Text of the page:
Richard G. Scott, Senior Associate, joined Rutter & Roy in 2011. He has experience in pipeline law, condemnation, environmental law and real estate law. Rich handles complex Green Acres diversions, permitting issues, land and water conservation conversions, condemnations and various litigation matters.
Green Acres Restrictions Impact Utility and Development Projects: Navigating the Morass of Environmental Regulations and Property Restrictions
by Christine Roy, Esq.
It takes deep understanding of New Jersey’s environmental regulations and property restrictions to successfully plan and develop utility and development projects. The potential pitfalls are not always readily apparent and can add time and frustration to the many challenges companies face, especially when crossing New Jersey’s open spaces.
In over 30 years of advising clients – including major interstate pipeline companies – on planning utility and development projects, our attorneys have found that identifying Green Acres-restricted land is one of the major challenges our clients encounter.
The state created the Green Acres Program over 55 years ago, and under New Jersey’s Department of Environmental Protection (NJDEP) it has preserved more than 680,000 acres of open space. Green Acres parcels can be extremely difficult to identify, especially if they are unfunded parcels not listed on a local unit’s Recreation and Open Space Inventory (ROSI), the NJDEP’s master list of Green Acres-encumbered properties in each municipality. For example, we identified a conservation restriction which was labeled as a “Drainage and Conservation Easement” on a filed map only. The Township deemed it Green Acres restricted and a diversion was required.
Despite our decades of experience with environmental and development regulations, we often come up against situations and issues that we’ve never seen before. That’s why it’s critical that companies work with legal professionals who understand and have experience with New Jersey’s property restrictions and know what’s required to navigate the various statutory and regulatory processes.
At Rutter & Roy, we conduct in-depth research using an internal checklist that includes the ROSI, title search and information from the municipality, County or non-profit organization, as well as Green Acres files and other records in Trenton. From the outset, we presume that if it’s municipally-owned land, it’s Green Acres-restricted land. Many publicly owned properties are not, but after handling more than 20 diversions under the 2006 Green Acres Rules, I know the answer often is not black and white.
I tell clients that it’s important to identify property restrictions as early as possible because they can lead to significant project delays. The jurisdictional review process alone can take six months to a year, as the participants wrestle with identification and determining whether they fall under other federal funding programs such as Land & Water Conservation. We also check to see whether properties are subject to a Deed of Easement conveying the non-agricultural development rights to a county, town or the State Agriculture Development Committee making them preserved farms.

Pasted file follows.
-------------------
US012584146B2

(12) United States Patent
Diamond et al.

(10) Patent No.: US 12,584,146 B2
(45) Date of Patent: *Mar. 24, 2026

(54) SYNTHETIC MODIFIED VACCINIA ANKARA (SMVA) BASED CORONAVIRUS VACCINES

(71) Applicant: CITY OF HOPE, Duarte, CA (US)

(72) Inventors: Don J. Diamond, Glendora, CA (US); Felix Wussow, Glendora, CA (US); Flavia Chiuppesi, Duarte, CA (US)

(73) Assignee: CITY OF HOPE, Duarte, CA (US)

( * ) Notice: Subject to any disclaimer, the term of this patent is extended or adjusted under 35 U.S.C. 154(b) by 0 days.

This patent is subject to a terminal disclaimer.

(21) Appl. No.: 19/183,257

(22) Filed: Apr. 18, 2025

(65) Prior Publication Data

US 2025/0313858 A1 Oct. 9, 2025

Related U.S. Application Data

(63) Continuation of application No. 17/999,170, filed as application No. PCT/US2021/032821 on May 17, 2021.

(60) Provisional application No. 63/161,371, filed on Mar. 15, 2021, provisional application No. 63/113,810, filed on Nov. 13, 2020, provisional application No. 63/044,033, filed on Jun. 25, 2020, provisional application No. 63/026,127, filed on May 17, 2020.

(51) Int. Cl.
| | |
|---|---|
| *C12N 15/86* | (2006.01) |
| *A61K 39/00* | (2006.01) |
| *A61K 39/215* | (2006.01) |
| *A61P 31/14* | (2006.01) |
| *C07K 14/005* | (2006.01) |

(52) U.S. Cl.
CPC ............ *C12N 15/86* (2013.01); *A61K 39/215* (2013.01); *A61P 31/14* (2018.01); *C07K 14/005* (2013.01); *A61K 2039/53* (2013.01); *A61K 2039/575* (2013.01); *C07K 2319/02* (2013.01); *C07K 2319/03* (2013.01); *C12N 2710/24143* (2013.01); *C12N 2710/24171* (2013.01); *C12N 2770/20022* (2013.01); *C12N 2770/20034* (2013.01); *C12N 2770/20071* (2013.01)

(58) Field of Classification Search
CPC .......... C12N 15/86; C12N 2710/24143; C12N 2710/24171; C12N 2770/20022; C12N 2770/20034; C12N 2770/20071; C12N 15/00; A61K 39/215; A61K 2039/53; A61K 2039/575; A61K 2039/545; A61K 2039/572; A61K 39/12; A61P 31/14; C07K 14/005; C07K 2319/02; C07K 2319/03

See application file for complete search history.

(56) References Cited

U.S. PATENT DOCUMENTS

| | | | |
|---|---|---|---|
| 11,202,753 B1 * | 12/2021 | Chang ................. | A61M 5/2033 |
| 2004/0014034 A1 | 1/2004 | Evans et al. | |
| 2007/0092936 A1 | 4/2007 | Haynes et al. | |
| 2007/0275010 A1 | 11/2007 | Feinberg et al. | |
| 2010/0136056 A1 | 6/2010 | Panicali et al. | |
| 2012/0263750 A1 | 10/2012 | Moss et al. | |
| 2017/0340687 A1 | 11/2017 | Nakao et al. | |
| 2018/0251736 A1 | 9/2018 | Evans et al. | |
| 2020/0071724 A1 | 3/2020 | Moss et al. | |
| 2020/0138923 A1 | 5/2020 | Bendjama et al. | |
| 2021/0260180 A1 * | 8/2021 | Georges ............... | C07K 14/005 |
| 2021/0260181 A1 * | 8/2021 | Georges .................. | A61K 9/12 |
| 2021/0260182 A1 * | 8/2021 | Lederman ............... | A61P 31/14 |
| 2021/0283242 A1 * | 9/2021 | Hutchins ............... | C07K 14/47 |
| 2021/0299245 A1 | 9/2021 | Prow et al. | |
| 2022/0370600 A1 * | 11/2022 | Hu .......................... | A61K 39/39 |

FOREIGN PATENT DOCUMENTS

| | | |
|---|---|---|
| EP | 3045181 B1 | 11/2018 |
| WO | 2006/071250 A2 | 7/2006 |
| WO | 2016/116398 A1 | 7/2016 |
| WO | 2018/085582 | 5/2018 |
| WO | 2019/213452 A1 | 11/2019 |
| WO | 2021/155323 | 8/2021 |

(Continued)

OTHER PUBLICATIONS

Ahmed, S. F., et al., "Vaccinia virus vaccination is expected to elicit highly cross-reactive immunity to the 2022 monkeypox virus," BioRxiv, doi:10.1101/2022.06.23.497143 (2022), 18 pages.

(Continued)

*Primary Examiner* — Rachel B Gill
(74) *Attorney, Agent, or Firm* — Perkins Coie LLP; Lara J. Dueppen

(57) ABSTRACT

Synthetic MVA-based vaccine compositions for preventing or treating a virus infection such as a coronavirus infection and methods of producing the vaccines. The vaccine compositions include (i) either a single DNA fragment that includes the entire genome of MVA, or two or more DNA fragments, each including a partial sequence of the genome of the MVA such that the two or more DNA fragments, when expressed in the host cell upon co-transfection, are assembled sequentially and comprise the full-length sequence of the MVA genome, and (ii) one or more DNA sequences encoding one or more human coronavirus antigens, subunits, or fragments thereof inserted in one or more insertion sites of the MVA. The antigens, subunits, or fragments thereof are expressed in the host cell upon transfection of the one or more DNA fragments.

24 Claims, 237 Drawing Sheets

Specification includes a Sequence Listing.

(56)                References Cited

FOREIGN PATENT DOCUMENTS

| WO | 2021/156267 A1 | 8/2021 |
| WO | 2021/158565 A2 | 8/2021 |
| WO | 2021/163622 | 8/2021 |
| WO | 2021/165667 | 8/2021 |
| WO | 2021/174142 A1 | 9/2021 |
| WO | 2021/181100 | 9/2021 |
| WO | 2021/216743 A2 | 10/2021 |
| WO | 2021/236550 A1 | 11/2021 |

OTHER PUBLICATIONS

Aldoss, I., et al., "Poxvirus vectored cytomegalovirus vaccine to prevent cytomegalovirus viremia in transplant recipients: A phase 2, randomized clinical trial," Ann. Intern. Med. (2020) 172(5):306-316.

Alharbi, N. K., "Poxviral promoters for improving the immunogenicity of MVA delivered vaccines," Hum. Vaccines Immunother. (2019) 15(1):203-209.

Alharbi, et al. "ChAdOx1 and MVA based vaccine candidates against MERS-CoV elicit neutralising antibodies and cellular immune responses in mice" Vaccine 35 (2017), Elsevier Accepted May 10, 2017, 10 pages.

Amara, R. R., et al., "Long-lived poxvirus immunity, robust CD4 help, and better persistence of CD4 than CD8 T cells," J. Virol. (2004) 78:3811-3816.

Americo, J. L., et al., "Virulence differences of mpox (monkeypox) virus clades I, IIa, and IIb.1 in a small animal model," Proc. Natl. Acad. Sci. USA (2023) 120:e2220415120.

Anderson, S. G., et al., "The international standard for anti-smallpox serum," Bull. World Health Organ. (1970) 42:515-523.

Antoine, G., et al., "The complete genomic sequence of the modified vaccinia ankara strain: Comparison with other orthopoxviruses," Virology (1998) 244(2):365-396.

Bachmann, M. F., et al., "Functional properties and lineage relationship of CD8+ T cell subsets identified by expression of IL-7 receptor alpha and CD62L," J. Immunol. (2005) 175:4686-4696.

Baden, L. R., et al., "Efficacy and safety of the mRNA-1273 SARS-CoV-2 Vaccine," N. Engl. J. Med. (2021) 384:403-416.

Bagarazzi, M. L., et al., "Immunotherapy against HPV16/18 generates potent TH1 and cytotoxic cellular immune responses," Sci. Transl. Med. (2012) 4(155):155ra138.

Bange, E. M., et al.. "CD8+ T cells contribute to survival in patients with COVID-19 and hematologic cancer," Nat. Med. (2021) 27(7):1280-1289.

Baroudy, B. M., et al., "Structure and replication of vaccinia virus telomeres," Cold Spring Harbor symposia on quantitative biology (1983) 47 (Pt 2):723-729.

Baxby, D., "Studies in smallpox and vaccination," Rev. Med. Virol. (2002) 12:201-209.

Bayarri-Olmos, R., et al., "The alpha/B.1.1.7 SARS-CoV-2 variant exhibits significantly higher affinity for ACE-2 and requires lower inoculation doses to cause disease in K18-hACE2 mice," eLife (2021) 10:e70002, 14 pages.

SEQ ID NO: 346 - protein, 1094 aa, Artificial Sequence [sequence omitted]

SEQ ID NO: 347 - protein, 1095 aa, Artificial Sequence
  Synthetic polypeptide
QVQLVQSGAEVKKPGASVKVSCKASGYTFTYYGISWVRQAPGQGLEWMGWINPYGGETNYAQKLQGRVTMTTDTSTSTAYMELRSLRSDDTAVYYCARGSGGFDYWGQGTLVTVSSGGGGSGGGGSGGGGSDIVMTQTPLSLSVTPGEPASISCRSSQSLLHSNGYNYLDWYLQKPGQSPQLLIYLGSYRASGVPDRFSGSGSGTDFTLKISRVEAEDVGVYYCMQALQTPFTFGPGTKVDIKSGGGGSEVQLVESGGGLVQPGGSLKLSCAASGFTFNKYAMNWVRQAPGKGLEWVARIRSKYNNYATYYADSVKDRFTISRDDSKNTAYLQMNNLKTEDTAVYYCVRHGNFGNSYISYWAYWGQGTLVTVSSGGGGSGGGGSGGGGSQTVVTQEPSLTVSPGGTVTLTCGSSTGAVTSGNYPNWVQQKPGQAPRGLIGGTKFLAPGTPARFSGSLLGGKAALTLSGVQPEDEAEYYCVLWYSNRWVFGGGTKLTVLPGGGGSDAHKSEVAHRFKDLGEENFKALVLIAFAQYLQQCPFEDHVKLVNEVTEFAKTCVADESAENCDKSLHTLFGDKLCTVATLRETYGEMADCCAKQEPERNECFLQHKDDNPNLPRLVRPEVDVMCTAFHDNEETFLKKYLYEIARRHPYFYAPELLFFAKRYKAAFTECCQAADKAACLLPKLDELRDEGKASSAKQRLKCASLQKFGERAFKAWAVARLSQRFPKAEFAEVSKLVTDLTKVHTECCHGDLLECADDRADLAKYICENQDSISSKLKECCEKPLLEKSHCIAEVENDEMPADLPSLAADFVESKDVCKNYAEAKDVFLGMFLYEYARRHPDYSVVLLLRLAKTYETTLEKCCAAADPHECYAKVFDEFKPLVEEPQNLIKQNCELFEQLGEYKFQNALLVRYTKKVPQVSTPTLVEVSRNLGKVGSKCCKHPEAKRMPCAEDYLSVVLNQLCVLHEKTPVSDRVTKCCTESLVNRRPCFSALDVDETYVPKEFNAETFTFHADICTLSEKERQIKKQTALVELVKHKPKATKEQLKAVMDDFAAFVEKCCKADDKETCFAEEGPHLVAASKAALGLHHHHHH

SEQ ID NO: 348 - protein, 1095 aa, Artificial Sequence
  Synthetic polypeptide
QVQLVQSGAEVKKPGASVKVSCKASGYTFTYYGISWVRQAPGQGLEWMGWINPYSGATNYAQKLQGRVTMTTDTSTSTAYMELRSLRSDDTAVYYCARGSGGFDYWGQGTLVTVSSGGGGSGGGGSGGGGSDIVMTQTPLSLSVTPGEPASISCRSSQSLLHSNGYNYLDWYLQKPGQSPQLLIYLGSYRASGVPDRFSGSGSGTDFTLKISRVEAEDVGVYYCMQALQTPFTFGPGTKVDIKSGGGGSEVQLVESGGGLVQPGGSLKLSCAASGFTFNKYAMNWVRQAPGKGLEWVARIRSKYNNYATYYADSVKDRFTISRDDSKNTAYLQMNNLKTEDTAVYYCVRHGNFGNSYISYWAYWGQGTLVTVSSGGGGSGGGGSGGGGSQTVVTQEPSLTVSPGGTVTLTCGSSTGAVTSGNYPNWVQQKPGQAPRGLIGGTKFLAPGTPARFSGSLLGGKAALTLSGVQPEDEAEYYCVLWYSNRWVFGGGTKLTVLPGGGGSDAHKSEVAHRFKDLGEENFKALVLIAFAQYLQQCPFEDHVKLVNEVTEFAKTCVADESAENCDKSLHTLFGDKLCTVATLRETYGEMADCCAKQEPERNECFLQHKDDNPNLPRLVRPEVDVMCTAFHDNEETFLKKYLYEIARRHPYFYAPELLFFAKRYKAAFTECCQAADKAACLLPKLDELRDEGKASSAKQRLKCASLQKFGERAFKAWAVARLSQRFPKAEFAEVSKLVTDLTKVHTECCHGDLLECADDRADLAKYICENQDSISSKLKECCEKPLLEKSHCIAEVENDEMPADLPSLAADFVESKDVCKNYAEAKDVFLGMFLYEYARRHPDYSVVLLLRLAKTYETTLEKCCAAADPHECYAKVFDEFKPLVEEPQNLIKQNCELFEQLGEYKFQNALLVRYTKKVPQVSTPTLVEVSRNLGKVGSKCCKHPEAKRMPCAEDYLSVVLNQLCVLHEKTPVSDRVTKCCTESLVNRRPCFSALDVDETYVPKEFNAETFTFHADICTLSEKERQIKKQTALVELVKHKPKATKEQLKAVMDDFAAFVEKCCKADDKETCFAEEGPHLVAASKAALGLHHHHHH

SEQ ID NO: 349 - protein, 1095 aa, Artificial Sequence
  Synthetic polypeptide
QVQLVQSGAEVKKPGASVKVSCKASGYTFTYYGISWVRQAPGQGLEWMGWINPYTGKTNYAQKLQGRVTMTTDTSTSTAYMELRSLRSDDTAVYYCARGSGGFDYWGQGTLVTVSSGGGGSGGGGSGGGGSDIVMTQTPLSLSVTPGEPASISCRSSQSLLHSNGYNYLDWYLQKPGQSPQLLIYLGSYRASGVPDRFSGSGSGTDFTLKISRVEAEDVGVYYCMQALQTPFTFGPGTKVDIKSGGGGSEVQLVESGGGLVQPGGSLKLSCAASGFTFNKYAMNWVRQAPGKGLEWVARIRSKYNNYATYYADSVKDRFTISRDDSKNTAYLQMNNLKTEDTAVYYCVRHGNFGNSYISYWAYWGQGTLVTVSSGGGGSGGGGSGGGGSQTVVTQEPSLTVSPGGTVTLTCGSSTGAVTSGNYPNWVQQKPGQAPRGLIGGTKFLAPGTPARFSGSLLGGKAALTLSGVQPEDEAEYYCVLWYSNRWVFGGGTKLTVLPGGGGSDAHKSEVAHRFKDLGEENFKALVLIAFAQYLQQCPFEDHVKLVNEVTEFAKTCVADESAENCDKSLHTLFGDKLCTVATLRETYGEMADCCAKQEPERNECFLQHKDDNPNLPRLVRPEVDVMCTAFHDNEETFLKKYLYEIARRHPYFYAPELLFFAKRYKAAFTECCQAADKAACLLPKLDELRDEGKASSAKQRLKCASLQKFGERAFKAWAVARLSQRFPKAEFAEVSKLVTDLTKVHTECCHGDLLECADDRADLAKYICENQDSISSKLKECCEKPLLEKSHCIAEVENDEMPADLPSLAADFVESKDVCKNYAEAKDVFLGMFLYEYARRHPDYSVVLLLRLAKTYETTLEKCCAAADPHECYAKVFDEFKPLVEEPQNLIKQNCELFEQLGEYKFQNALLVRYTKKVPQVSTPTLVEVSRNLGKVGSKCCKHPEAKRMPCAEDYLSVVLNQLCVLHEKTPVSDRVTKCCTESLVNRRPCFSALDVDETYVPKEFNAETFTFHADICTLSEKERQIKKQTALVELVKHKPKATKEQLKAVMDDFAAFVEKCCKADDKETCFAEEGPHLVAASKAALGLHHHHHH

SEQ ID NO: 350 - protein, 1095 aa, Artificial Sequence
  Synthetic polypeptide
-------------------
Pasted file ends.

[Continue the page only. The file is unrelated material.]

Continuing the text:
The Green Acres diversion process has multiple steps, and we ensure that our clients stay on schedule and guide them through the necessary regulatory requirements. The diversion process is onerous and includes two local hearings to take public comments concerning the project and any compensation package the proponent is offering. Then, the Commissioner of the NJDEP must recommend approval of the final application before it goes to the New Jersey State House Commission for final approval. Where there is a Green Acres conservation easement, we know how to best streamline the diversion process and the restriction release process so that the project can be constructed on time.
The rules are intentionally strict to discourage companies from obtaining a diversion on protected lands. However, we believe that it’s always preferable to go through the diversion process rather than to condemn. Legal professionals who understand New Jersey’s property restrictions are essential to companies navigating the statutory and regulatory process.
Christine A. Roy, Partner, joined the firm in 1999. She focuses primarily on environmental law, and has extensive experience in land use law, railroad law, transportation law, pipeline law and appellate practice. Christine has handled right of way acquisitions involving interstate natural gas pipeline projects, and has been lead counsel on approximately 100 condemnation actions filed in the U.S. District Court of New Jersey (Newark, Trenton, and Camden combined) in connection with six major interstate natural gas pipeline projects.
Q&A with Environmental Law Attorney Stephen J. Resnick, Esq.